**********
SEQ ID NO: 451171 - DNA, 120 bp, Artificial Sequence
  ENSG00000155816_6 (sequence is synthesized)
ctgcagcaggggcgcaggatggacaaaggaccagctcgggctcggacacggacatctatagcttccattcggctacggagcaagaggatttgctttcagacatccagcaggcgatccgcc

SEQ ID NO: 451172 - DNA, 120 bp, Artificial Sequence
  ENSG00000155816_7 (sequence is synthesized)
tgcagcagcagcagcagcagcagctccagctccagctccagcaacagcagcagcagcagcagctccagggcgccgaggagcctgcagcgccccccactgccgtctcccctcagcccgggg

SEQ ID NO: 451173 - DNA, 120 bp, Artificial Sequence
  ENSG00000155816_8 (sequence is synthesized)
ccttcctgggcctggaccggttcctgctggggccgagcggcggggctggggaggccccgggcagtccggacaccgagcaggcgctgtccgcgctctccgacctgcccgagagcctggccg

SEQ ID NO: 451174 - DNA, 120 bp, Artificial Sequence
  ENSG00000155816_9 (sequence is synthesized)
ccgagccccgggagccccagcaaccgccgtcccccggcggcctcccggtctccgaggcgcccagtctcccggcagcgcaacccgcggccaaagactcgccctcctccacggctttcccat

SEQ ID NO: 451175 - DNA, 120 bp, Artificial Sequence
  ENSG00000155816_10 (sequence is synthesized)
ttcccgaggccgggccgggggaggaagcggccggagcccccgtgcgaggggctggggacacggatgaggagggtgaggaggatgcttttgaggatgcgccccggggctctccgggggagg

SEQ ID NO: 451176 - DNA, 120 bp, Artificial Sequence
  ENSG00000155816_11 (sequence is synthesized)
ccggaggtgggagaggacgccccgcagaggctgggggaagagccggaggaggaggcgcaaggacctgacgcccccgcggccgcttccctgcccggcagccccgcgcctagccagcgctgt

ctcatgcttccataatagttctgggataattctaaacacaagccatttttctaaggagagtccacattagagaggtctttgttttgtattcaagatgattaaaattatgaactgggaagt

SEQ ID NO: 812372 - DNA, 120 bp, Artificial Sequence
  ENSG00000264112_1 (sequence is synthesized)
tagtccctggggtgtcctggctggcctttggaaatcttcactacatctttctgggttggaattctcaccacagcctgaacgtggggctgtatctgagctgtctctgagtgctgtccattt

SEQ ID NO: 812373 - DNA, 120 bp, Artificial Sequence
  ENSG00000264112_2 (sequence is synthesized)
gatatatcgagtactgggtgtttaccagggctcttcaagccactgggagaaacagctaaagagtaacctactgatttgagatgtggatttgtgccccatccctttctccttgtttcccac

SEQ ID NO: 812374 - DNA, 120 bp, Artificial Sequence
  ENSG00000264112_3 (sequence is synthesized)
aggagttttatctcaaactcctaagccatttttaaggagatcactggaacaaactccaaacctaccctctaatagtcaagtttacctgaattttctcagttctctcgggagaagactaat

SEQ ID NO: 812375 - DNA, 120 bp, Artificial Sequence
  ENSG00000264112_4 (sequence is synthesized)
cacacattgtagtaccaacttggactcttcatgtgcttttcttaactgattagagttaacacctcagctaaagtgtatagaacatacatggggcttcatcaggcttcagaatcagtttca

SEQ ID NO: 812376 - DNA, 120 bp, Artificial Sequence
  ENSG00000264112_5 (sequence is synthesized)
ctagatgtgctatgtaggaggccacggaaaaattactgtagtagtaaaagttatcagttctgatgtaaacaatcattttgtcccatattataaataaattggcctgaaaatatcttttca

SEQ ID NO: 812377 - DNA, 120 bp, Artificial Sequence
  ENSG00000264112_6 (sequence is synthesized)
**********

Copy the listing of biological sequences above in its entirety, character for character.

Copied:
SEQ ID NO: 451171 - DNA, 120 bp, Artificial Sequence
  ENSG00000155816_6 (sequence is synthesized)
ctgcagcaggggcgcaggatggacaaaggaccagctcgggctcggacacggacatctatagcttccattcggctacggagcaagaggatttgctttcagacatccagcaggcgatccgcc

SEQ ID NO: 451172 - DNA, 120 bp, Artificial Sequence
  ENSG00000155816_7 (sequence is synthesized)
tgcagcagcagcagcagcagcagctccagctccagctccagcaacagcagcagcagcagcagctccagggcgccgaggagcctgcagcgccccccactgccgtctcccctcagcccgggg

SEQ ID NO: 451173 - DNA, 120 bp, Artificial Sequence
  ENSG00000155816_8 (sequence is synthesized)
ccttcctgggcctggaccggttcctgctggggccgagcggcggggctggggaggccccgggcagtccggacaccgagcaggcgctgtccgcgctctccgacctgcccgagagcctggccg

SEQ ID NO: 451174 - DNA, 120 bp, Artificial Sequence
  ENSG00000155816_9 (sequence is synthesized)
ccgagccccgggagccccagcaaccgccgtcccccggcggcctcccggtctccgaggcgcccagtctcccggcagcgcaacccgcggccaaagactcgccctcctccacggctttcccat

SEQ ID NO: 451175 - DNA, 120 bp, Artificial Sequence
  ENSG00000155816_10 (sequence is synthesized)
ttcccgaggccgggccgggggaggaagcggccggagcccccgtgcgaggggctggggacacggatgaggagggtgaggaggatgcttttgaggatgcgccccggggctctccgggggagg

SEQ ID NO: 451176 - DNA, 120 bp, Artificial Sequence
  ENSG00000155816_11 (sequence is synthesized)
ccggaggtgggagaggacgccccgcagaggctgggggaagagccggaggaggaggcgcaaggacctgacgcccccgcggccgcttccctgcccggcagccccgcgcctagccagcgctgt

ctcatgcttccataatagttctgggataattctaaacacaagccatttttctaaggagagtccacattagagaggtctttgttttgtattcaagatgattaaaattatgaactgggaagt

SEQ ID NO: 812372 - DNA, 120 bp, Artificial Sequence
  ENSG00000264112_1 (sequence is synthesized)
tagtccctggggtgtcctggctggcctttggaaatcttcactacatctttctgggttggaattctcaccacagcctgaacgtggggctgtatctgagctgtctctgagtgctgtccattt

SEQ ID NO: 812373 - DNA, 120 bp, Artificial Sequence
  ENSG00000264112_2 (sequence is synthesized)
gatatatcgagtactgggtgtttaccagggctcttcaagccactgggagaaacagctaaagagtaacctactgatttgagatgtggatttgtgccccatccctttctccttgtttcccac

SEQ ID NO: 812374 - DNA, 120 bp, Artificial Sequence
  ENSG00000264112_3 (sequence is synthesized)
aggagttttatctcaaactcctaagccatttttaaggagatcactggaacaaactccaaacctaccctctaatagtcaagtttacctgaattttctcagttctctcgggagaagactaat

SEQ ID NO: 812375 - DNA, 120 bp, Artificial Sequence
  ENSG00000264112_4 (sequence is synthesized)
cacacattgtagtaccaacttggactcttcatgtgcttttcttaactgattagagttaacacctcagctaaagtgtatagaacatacatggggcttcatcaggcttcagaatcagtttca

SEQ ID NO: 812376 - DNA, 120 bp, Artificial Sequence
  ENSG00000264112_5 (sequence is synthesized)
ctagatgtgctatgtaggaggccacggaaaaattactgtagtagtaaaagttatcagttctgatgtaaacaatcattttgtcccatattataaataaattggcctgaaaatatcttttca

SEQ ID NO: 812377 - DNA, 120 bp, Artificial Sequence
  ENSG00000264112_6 (sequence is synthesized)